One of the other things I’ll point out, too, is that there are a lot of covers over the course of these four discs. Many of them are not covers you’d normally associate with a typical Allman Brothers Band show, and some of them we played only a handful of times more while some of them were just starting to be played then and stayed in the repertoire. I think that reflected back to a time when the Allman Brothers were just beginning and interpreting a lot of outside material. A lot of people associate the doing of that with the Grateful Dead — they played a lot of outside songs — but some of the biggest Allman Brother songs from a live performance perspective, including “Statesboro Blues” and “Stormy Monday” and “You Don’t Love Me” and “Done Somebody Wrong,” those were blues songs that they had put their own stamp on. So, we looked at taking some other songs that we could put that version of the band’s stamp on — songs we had never tried.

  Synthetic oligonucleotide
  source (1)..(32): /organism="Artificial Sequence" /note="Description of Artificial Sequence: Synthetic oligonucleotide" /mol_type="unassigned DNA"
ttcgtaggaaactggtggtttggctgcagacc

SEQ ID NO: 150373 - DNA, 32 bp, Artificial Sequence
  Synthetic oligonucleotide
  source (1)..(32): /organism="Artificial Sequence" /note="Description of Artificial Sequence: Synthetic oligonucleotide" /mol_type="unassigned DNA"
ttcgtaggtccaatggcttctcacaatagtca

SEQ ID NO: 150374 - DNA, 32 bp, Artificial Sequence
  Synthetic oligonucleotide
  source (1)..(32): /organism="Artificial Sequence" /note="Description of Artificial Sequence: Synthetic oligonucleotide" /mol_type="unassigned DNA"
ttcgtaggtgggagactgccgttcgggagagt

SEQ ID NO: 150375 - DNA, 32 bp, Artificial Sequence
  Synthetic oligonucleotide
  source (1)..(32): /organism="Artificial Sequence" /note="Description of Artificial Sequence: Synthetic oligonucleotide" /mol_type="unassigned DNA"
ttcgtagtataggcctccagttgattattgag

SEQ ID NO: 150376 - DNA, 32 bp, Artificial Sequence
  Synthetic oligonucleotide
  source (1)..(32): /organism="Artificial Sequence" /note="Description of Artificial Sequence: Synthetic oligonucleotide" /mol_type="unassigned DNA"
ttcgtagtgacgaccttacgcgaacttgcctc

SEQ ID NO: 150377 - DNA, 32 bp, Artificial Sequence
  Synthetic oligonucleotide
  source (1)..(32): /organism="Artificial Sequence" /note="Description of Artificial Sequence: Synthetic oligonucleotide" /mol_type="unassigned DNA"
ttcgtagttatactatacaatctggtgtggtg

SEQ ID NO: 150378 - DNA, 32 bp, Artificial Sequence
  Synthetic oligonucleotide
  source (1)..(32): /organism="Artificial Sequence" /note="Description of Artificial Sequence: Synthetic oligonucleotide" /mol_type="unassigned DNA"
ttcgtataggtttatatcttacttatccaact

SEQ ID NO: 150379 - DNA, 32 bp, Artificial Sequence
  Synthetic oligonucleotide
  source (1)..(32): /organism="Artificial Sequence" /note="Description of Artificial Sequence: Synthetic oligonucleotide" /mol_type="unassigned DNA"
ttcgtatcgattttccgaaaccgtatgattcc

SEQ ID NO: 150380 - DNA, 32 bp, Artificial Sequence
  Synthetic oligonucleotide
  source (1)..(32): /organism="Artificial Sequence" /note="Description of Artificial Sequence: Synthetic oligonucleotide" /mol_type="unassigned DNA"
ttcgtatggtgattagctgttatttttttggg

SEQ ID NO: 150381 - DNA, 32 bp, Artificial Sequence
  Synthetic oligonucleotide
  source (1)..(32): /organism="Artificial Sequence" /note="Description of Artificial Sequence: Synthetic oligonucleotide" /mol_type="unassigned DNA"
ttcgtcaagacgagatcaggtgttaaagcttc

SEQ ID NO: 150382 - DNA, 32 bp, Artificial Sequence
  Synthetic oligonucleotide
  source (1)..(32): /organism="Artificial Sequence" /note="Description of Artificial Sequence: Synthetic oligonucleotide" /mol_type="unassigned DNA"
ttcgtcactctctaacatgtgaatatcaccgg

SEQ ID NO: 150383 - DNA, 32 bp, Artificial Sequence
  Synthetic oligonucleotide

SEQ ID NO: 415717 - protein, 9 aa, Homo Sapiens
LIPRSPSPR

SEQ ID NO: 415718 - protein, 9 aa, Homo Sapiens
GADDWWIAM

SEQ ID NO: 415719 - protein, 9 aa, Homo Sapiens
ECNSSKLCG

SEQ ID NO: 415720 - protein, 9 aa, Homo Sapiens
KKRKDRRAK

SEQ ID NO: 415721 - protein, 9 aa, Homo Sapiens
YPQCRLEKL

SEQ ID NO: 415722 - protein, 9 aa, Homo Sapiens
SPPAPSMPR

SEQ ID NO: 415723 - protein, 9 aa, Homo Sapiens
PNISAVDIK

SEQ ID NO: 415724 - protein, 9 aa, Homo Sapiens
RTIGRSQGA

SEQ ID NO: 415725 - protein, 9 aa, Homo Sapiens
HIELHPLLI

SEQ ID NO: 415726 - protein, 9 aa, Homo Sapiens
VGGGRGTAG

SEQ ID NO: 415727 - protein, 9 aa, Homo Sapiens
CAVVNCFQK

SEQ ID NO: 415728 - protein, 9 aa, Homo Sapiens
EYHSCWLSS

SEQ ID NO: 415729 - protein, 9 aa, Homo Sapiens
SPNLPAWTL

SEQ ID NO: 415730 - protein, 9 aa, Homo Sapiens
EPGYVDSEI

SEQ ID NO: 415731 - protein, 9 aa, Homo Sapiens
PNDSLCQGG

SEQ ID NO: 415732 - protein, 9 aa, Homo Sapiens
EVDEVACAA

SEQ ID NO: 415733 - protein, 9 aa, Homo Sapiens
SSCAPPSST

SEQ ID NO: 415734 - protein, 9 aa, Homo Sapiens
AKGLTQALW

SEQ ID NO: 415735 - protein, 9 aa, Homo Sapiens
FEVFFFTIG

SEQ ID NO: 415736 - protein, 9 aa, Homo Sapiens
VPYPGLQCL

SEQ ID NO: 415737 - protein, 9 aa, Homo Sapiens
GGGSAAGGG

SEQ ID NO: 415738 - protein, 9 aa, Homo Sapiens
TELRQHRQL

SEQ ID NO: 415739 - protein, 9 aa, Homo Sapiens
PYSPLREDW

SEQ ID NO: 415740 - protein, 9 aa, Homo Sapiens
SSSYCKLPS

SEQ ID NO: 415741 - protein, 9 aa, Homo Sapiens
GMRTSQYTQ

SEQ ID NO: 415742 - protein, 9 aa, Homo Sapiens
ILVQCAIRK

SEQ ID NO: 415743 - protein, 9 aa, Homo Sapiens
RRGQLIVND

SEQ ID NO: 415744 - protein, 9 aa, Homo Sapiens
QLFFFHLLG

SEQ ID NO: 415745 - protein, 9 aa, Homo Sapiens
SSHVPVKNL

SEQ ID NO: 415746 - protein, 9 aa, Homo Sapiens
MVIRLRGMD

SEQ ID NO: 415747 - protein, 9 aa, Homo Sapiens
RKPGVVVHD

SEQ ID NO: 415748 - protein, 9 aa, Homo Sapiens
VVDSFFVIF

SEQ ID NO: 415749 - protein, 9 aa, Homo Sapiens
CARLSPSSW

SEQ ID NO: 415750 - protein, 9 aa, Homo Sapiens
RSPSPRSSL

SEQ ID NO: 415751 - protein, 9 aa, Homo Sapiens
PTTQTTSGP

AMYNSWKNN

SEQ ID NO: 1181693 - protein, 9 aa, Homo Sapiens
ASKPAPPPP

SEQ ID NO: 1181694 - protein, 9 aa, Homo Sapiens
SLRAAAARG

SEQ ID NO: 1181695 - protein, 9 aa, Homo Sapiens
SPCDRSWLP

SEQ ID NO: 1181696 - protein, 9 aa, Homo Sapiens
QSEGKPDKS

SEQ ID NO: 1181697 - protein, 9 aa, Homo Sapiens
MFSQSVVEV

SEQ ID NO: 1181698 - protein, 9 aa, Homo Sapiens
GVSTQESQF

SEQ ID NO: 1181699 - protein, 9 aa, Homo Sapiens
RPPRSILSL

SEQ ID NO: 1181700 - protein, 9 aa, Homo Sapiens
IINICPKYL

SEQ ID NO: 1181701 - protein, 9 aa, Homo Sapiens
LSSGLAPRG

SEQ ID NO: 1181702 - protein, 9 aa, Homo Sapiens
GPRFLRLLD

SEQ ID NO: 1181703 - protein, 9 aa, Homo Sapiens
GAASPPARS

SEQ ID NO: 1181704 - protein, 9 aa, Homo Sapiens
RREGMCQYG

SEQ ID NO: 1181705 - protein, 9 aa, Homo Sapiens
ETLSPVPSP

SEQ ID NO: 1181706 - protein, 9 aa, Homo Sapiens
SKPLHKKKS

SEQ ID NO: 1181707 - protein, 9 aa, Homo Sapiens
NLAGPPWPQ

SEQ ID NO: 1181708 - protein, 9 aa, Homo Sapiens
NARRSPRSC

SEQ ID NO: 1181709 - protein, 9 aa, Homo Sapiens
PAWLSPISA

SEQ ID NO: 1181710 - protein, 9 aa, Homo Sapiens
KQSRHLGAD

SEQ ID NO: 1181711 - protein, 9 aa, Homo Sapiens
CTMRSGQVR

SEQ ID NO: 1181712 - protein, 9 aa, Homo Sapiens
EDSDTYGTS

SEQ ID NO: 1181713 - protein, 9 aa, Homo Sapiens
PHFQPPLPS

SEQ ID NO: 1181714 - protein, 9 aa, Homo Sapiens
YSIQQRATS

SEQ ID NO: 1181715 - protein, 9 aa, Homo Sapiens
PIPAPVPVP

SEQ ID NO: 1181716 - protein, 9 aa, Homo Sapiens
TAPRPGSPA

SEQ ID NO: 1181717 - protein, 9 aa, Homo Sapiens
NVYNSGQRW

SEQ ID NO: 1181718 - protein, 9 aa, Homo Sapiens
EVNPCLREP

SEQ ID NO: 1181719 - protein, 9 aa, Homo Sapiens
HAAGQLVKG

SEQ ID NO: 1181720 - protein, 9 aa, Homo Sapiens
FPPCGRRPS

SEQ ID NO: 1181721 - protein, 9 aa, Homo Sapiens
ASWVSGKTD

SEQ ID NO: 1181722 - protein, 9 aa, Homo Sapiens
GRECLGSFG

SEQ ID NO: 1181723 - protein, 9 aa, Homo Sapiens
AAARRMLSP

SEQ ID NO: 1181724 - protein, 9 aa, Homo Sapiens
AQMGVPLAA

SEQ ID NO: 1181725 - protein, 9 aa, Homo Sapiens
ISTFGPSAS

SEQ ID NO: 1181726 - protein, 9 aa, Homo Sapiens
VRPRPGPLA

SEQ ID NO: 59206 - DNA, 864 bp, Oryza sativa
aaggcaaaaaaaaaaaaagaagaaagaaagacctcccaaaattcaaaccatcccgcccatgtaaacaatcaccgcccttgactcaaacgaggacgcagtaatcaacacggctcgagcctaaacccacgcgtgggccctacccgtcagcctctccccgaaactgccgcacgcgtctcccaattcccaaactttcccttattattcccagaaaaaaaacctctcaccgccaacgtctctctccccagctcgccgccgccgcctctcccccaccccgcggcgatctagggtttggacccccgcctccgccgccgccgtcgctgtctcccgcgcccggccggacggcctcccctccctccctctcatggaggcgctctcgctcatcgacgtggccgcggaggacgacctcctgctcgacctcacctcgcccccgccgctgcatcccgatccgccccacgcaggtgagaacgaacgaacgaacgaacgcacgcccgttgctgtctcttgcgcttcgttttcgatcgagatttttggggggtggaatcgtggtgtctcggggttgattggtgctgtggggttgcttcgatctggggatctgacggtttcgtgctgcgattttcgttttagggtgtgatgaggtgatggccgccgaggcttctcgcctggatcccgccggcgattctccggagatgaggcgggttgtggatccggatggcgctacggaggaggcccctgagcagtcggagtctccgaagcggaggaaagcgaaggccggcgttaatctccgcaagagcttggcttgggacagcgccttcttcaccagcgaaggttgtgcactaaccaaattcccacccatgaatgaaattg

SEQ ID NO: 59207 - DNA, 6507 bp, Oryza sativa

JAMBASE: Was there any resistance within the band to doing that, with the covers?
WH: No, not for the most part. You know, at that time, we would try any suggestion. If you had a suggestion, it would get run up the flagpole, and if it worked, we would stay with it. There were certain songs that only got played a handful of times, but it goes back to the idea of shaking things up. We were all about doing that and about bringing new songs into the fold and figuring out creative ways of varying the setlist. This band was really excited about having new material and not having to depend on just the classic catalog.